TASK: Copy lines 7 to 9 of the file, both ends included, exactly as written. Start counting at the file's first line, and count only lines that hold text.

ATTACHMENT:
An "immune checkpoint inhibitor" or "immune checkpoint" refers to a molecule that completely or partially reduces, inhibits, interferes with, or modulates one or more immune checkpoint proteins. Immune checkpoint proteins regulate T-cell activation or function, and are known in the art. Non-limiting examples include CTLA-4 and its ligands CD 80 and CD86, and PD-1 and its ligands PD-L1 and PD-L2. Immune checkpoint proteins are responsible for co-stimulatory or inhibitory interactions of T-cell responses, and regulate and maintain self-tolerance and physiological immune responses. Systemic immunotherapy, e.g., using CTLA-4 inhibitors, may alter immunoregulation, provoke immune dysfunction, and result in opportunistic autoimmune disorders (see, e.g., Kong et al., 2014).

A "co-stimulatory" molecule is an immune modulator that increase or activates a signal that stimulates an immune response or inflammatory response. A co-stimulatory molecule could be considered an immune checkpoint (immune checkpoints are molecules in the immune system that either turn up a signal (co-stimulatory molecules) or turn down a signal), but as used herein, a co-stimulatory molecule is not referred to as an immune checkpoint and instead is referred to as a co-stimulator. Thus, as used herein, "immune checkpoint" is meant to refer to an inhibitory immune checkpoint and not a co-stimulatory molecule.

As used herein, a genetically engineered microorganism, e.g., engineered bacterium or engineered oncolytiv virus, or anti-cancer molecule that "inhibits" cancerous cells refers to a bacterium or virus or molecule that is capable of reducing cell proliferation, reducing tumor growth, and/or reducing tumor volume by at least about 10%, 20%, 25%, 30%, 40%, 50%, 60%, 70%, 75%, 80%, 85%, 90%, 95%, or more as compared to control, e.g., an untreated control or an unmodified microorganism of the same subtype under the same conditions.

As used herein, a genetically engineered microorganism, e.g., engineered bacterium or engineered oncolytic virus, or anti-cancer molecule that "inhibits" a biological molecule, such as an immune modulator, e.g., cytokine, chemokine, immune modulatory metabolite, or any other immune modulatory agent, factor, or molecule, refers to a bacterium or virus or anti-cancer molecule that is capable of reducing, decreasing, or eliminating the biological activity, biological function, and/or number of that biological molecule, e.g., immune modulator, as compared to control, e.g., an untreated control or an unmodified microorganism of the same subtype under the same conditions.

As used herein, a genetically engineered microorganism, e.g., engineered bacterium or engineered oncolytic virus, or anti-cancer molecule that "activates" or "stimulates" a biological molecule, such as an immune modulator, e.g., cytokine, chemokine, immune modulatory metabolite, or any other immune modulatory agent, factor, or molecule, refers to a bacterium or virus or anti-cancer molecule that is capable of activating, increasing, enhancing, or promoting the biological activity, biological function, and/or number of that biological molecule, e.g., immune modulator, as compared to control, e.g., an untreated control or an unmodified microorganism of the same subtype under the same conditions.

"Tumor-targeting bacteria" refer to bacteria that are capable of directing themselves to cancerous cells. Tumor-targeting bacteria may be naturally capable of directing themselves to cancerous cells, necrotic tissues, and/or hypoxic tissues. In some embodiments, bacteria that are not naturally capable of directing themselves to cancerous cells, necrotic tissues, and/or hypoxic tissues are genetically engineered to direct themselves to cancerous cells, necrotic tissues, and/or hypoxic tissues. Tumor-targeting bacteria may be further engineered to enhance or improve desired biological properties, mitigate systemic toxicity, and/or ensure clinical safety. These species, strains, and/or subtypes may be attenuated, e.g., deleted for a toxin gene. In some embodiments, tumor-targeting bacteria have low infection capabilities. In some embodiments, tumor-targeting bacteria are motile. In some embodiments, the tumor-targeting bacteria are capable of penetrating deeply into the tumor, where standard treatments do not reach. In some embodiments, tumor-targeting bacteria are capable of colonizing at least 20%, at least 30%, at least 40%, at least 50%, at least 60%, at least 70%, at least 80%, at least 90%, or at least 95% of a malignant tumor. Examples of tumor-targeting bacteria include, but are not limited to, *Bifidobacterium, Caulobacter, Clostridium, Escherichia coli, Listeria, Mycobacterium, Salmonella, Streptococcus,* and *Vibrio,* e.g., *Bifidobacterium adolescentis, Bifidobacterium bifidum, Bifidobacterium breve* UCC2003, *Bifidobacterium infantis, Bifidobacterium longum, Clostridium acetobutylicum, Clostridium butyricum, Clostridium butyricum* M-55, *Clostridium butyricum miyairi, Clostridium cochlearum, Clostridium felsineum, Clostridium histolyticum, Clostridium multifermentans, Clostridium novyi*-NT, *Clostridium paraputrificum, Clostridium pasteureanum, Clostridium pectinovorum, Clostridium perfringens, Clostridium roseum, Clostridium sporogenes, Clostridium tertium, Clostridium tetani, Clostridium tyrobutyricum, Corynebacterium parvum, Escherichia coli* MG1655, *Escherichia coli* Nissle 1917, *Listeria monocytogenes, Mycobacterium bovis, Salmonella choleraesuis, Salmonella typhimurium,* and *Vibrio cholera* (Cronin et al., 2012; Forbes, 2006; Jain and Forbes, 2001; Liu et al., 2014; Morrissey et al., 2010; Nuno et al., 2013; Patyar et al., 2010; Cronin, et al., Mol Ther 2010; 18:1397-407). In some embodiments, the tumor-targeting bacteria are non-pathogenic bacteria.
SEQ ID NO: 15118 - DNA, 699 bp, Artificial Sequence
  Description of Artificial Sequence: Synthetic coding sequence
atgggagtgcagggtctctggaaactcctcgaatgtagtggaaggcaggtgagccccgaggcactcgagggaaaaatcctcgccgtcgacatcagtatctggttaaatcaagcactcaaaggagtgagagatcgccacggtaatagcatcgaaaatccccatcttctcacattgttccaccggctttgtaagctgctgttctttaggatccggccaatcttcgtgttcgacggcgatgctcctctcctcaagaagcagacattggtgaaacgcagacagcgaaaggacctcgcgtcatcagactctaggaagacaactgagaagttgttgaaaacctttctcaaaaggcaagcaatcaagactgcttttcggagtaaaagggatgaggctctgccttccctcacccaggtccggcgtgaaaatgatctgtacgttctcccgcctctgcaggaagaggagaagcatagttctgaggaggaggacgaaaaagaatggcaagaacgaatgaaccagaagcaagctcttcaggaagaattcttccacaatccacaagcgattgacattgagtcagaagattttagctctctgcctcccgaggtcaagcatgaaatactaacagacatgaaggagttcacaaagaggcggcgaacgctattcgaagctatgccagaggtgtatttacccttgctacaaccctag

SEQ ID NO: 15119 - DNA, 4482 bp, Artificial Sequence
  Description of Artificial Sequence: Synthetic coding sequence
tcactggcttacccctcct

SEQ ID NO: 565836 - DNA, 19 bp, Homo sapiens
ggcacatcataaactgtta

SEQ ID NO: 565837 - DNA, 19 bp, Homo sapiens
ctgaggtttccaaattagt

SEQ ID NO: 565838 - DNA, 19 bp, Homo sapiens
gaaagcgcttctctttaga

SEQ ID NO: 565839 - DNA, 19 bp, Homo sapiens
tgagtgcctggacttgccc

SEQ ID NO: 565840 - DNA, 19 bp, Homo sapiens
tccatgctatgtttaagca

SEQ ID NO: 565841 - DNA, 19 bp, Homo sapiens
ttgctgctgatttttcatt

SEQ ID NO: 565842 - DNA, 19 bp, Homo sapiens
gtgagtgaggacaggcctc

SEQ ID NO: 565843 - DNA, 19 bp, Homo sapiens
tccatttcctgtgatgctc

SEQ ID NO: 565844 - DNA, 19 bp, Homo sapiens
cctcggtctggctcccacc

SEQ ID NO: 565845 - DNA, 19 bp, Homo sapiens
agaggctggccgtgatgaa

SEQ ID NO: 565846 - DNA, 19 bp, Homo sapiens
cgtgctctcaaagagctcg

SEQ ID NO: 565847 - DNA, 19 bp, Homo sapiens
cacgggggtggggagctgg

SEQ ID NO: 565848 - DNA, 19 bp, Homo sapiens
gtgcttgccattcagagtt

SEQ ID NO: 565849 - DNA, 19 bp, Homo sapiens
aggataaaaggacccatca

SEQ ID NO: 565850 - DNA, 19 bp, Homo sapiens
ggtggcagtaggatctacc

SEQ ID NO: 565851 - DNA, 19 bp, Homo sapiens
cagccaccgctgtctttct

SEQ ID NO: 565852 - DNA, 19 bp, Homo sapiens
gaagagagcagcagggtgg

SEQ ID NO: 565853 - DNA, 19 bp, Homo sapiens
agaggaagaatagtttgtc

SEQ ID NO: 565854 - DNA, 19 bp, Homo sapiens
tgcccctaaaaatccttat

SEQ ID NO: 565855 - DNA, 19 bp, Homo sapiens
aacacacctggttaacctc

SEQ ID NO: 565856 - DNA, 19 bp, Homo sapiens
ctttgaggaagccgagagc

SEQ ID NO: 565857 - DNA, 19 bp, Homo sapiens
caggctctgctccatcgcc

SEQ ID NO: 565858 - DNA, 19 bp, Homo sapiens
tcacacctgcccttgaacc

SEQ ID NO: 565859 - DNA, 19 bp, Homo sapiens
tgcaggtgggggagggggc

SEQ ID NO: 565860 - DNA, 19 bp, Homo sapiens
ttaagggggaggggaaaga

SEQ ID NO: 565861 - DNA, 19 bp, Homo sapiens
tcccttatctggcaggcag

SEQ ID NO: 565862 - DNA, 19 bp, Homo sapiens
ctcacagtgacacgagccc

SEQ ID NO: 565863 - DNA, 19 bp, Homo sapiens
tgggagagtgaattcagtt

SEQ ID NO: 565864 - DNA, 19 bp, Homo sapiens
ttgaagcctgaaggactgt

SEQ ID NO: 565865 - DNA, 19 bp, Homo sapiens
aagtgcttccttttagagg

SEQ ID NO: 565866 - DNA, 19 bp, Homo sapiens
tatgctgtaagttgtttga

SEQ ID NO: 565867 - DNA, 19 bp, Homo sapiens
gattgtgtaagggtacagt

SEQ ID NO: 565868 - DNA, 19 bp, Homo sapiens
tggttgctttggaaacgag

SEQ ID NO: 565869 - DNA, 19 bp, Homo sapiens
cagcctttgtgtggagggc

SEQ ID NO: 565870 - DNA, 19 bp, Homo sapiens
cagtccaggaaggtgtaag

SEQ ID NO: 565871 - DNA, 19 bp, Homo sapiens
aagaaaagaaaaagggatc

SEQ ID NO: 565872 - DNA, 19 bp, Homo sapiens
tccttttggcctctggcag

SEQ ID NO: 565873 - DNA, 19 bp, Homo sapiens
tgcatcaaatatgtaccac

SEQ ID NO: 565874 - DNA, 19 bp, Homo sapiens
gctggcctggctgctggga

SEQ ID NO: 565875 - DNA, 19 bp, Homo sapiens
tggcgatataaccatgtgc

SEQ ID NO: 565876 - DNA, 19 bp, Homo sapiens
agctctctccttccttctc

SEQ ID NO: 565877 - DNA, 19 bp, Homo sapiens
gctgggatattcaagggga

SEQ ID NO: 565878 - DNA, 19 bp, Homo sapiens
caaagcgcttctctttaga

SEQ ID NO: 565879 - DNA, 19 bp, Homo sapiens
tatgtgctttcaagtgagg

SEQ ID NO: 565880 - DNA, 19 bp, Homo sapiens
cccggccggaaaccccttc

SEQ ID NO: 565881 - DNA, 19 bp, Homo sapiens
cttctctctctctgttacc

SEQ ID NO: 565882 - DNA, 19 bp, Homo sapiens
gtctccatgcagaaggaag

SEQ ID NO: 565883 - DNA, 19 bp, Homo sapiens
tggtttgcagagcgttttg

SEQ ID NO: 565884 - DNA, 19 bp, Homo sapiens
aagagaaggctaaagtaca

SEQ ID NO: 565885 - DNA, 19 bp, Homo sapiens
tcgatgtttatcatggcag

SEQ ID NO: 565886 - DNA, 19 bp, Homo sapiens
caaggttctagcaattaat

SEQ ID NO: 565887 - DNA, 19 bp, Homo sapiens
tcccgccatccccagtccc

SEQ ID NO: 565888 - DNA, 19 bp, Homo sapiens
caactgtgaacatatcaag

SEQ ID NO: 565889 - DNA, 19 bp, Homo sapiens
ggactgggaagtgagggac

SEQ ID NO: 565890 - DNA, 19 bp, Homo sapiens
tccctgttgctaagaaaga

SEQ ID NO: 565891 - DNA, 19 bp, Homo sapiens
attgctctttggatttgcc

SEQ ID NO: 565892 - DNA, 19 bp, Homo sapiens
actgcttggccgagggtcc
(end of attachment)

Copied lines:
SEQ ID NO: 15118 - DNA, 699 bp, Artificial Sequence
  Description of Artificial Sequence: Synthetic coding sequence
atgggagtgcagggtctctggaaactcctcgaatgtagtggaaggcaggtgagccccgaggcactcgagggaaaaatcctcgccgtcgacatcagtatctggttaaatcaagcactcaaaggagtgagagatcgccacggtaatagcatcgaaaatccccatcttctcacattgttccaccggctttgtaagctgctgttctttaggatccggccaatcttcgtgttcgacggcgatgctcctctcctcaagaagcagacattggtgaaacgcagacagcgaaaggacctcgcgtcatcagactctaggaagacaactgagaagttgttgaaaacctttctcaaaaggcaagcaatcaagactgcttttcggagtaaaagggatgaggctctgccttccctcacccaggtccggcgtgaaaatgatctgtacgttctcccgcctctgcaggaagaggagaagcatagttctgaggaggaggacgaaaaagaatggcaagaacgaatgaaccagaagcaagctcttcaggaagaattcttccacaatccacaagcgattgacattgagtcagaagattttagctctctgcctcccgaggtcaagcatgaaatactaacagacatgaaggagttcacaaagaggcggcgaacgctattcgaagctatgccagaggtgtatttacccttgctacaaccctag